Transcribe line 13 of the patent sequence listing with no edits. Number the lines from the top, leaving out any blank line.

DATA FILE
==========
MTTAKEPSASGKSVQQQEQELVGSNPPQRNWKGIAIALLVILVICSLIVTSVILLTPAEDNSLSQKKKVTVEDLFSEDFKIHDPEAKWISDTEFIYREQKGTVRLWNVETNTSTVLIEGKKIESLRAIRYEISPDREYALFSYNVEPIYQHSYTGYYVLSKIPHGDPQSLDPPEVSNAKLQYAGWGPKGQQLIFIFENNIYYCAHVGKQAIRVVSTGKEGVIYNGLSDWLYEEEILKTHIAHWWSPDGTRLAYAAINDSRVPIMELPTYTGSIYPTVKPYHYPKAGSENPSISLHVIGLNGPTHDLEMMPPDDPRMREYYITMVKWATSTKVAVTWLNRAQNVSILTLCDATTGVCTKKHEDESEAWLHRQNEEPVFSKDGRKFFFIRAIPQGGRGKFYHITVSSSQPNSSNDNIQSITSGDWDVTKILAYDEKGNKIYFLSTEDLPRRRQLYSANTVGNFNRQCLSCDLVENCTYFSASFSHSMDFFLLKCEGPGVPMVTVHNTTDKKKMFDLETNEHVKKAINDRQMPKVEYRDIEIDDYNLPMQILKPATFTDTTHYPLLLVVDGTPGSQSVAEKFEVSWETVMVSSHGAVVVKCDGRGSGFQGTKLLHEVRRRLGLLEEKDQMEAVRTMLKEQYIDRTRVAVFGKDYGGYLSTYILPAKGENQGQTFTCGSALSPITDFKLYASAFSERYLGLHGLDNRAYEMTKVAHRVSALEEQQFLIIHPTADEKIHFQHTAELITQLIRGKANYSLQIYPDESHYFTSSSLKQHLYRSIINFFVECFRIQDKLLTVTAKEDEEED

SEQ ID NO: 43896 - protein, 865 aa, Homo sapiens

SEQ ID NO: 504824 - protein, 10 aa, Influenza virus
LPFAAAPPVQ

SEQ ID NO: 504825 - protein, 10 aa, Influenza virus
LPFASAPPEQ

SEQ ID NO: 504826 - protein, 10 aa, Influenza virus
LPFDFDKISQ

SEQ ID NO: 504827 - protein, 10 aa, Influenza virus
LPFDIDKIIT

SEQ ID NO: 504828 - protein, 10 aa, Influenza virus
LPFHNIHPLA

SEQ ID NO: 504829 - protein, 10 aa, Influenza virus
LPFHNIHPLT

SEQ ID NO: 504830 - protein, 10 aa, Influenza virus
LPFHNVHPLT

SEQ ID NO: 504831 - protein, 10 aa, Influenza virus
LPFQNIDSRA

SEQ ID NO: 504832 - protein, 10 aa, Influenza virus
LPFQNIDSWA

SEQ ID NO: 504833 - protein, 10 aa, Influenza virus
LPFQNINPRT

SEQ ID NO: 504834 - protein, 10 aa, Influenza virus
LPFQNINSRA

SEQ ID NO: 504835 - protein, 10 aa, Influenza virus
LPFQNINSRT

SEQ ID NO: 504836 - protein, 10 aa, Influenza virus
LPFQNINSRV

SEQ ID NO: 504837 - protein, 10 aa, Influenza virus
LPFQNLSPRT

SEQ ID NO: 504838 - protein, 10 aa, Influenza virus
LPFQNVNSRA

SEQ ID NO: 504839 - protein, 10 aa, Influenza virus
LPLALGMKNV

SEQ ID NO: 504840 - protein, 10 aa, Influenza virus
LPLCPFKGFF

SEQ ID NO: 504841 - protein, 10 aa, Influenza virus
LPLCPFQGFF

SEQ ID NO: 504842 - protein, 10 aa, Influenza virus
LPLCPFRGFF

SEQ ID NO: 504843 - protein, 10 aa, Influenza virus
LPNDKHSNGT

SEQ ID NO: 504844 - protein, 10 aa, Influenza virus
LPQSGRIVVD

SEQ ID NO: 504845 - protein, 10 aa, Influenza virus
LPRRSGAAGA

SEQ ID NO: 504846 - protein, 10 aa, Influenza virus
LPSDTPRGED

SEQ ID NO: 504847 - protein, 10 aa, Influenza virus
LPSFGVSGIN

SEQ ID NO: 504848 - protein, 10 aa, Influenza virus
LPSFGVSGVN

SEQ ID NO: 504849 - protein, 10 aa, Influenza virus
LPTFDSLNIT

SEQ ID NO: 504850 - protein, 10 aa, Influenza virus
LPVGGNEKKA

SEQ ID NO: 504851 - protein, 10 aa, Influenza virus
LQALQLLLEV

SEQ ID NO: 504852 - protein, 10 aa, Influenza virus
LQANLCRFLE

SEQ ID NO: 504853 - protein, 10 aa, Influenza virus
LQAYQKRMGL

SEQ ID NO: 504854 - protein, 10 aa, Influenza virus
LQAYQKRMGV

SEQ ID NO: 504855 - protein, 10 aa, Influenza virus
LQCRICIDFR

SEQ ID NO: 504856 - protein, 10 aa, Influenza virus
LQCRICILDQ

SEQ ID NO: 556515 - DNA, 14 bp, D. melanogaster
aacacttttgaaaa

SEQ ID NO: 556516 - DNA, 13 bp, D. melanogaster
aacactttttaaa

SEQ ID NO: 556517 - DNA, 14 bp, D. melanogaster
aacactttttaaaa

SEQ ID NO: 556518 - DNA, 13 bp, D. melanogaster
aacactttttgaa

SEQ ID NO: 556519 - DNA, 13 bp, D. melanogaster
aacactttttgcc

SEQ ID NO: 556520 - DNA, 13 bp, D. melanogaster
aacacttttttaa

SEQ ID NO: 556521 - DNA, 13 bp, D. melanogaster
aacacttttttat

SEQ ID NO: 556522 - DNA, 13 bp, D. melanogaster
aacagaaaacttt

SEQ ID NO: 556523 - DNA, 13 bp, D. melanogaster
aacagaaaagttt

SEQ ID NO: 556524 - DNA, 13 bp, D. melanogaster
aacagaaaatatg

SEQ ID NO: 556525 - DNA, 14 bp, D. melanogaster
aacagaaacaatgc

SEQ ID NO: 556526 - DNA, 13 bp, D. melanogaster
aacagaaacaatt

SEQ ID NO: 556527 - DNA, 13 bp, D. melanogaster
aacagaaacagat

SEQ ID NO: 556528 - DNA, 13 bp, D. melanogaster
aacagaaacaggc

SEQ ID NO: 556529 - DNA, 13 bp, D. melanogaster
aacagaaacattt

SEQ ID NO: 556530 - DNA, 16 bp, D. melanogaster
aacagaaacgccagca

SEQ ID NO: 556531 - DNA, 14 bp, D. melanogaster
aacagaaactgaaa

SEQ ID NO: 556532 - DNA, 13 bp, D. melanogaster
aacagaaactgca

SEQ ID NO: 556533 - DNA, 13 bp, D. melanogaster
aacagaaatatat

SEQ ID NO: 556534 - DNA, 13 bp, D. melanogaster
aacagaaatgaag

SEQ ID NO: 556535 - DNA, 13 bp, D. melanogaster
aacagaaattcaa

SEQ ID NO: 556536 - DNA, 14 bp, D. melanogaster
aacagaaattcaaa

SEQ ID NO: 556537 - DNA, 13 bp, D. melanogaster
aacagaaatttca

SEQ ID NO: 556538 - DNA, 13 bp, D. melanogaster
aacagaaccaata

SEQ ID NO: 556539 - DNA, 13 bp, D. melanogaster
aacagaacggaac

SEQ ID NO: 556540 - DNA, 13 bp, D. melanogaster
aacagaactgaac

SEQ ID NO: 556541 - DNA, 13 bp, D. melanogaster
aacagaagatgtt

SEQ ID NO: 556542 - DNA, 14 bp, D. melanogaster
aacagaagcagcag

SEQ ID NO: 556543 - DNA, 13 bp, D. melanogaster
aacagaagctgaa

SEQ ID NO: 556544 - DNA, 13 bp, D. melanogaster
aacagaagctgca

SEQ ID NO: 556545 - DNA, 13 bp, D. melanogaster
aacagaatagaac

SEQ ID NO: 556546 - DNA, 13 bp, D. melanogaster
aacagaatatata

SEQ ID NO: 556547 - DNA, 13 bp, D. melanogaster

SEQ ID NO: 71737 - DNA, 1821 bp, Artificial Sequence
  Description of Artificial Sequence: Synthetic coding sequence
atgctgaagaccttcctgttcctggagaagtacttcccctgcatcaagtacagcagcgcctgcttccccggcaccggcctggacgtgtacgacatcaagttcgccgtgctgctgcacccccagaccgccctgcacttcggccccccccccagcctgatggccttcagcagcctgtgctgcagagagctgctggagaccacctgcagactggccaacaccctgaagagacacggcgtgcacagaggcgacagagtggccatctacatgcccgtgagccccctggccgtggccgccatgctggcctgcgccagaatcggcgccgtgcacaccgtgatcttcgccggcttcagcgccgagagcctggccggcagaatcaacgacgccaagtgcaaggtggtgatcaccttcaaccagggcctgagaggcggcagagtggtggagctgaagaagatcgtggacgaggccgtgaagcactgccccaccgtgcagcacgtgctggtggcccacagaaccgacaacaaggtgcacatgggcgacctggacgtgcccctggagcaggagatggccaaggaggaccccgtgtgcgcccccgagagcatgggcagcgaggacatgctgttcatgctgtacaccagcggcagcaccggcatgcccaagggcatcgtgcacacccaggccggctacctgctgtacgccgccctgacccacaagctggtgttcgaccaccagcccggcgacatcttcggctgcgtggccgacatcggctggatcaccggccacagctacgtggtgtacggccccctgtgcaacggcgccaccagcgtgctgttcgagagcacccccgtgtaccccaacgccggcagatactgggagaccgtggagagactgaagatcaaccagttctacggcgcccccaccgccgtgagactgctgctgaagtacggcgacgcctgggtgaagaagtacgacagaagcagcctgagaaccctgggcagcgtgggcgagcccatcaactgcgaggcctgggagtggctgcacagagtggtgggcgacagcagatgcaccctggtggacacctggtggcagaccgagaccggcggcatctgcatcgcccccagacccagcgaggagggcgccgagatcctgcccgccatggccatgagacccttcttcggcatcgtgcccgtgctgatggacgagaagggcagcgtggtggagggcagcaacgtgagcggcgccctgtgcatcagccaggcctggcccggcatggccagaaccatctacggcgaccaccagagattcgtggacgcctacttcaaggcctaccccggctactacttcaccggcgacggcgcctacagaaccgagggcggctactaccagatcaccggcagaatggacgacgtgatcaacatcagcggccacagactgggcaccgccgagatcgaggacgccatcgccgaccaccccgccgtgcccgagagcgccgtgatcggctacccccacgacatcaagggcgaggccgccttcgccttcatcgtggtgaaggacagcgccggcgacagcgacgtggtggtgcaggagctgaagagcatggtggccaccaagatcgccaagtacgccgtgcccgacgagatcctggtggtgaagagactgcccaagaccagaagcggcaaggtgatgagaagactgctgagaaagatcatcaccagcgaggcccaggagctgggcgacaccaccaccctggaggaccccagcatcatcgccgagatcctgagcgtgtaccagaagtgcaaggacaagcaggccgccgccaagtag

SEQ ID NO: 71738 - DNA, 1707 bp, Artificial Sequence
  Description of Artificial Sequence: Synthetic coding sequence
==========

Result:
SEQ ID NO: 504829 - protein, 10 aa, Influenza virus